The problem is difficult, though, if the systems attempt to take in many variables, says Malek ben Salem, a graduate student and computer-science researcher at Columbia University. She has been trying to model search behavior in order to detect when an attacker is going beyond the normal scope of his job or impersonating someone with legitimate access. Because attackers might not know a file system or other aspects of corporate network as well as a legitimate employee does, they tend to search more extensively. In experiments, Ben Salem says her model has detected 100 percent of masqueraders with a rate of false positives of only 1 percent.
The CINDER project looks for activity in a system that suggests of an attack launched from the inside. For instance, a worm like Stuxnet, which is believed to have damaged Iran’s nuclear program, could be detected by looking for the changes it has made to system files and network disks.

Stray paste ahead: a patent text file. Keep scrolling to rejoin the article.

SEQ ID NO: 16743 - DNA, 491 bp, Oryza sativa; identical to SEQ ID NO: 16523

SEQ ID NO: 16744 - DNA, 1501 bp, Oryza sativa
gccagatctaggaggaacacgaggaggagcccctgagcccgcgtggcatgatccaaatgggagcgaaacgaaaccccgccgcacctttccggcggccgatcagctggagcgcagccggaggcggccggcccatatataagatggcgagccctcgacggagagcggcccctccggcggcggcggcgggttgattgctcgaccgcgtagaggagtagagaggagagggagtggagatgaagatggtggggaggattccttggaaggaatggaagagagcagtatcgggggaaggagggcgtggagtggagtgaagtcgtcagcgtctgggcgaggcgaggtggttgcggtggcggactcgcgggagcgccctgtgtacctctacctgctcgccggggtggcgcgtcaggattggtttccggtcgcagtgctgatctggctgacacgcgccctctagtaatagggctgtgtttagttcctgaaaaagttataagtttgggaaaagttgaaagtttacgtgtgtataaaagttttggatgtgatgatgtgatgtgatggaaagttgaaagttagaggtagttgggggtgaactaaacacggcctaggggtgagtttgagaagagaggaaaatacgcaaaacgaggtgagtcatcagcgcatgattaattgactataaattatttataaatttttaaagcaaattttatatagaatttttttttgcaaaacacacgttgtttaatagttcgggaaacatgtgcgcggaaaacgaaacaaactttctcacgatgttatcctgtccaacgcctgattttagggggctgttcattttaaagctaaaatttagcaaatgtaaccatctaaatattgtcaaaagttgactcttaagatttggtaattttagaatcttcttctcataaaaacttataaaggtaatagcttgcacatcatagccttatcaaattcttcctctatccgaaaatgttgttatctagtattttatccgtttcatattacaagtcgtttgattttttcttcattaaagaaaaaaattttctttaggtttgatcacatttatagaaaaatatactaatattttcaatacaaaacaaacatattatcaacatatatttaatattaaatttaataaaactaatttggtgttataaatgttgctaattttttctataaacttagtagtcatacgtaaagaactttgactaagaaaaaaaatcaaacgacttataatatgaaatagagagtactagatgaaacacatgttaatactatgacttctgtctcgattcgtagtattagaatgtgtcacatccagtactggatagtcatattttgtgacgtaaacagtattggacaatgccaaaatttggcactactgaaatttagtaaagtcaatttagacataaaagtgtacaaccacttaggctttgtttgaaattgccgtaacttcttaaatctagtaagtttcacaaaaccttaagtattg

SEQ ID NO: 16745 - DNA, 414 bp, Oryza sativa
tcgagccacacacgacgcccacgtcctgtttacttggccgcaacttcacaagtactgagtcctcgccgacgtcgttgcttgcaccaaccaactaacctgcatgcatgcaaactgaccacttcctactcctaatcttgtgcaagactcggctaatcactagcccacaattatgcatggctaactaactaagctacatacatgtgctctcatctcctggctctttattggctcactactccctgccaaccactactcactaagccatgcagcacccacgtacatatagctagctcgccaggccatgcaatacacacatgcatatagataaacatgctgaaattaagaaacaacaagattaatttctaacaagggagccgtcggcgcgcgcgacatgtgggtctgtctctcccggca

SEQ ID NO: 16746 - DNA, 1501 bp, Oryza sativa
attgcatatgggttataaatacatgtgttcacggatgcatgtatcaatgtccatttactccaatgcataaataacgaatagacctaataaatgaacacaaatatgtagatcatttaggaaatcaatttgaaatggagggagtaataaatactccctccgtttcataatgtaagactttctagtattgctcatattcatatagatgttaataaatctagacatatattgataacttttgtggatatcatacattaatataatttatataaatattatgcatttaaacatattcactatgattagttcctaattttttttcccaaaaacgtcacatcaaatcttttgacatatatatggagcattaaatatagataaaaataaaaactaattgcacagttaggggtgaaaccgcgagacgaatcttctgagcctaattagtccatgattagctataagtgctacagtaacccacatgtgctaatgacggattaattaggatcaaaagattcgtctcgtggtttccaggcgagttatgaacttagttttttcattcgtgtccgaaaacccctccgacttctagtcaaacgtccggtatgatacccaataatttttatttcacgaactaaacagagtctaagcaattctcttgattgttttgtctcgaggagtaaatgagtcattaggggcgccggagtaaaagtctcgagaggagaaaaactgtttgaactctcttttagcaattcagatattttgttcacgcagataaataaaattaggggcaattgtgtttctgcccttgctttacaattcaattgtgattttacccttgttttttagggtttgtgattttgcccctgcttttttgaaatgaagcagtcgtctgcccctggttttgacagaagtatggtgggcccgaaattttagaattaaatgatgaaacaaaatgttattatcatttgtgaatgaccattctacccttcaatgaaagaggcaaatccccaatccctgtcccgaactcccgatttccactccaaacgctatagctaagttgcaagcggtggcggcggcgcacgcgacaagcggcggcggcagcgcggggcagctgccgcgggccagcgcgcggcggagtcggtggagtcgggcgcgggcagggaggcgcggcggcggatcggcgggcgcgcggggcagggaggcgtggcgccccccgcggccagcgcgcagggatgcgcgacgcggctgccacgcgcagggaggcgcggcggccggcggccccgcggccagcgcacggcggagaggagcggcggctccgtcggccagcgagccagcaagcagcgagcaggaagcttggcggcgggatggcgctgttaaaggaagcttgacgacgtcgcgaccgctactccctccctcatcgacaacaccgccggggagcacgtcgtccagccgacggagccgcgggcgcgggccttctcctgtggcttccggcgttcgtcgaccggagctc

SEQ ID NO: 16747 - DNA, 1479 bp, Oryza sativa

“CINDER will attempt to address some of the flaws in current detection systems by modeling the adversary mission—not by attempting to monitor a person or their particular traits—and by beginning with the assumption that a given system has already been compromised,” Peiter “Mudge” Zatko, the manager in charge of the program at DARPA, said when the project was announced.
Increasingly, companies that sell security products are adding features that may help detect insider attacks. For example, firewalls and other security systems have been fortified with software that scans for encrypted e-mail. Some security companies advocate deploying decoy files that no employee should ever access, and alerting managers when they are accessed. Coupling decoy files with current research into modeling legitimate user behavior could detect a wide variety of attacks, says Columbia’s Ben Salem.
However, insider attacks cannot be thwarted by just creating a better network appliance, says SEI CERT’s Montelibano. Better policies and security measures are important as well, such as allowing only approved applications to be run inside a network and limiting e-mail attachments.
“The big finding of our research is that insider threats are not just a technical problem,” he says. “What we still see is organizations throwing technology at the problem. But our research reveals that by and large, insiders’ technical activity is preceded by observable behavioral activity.”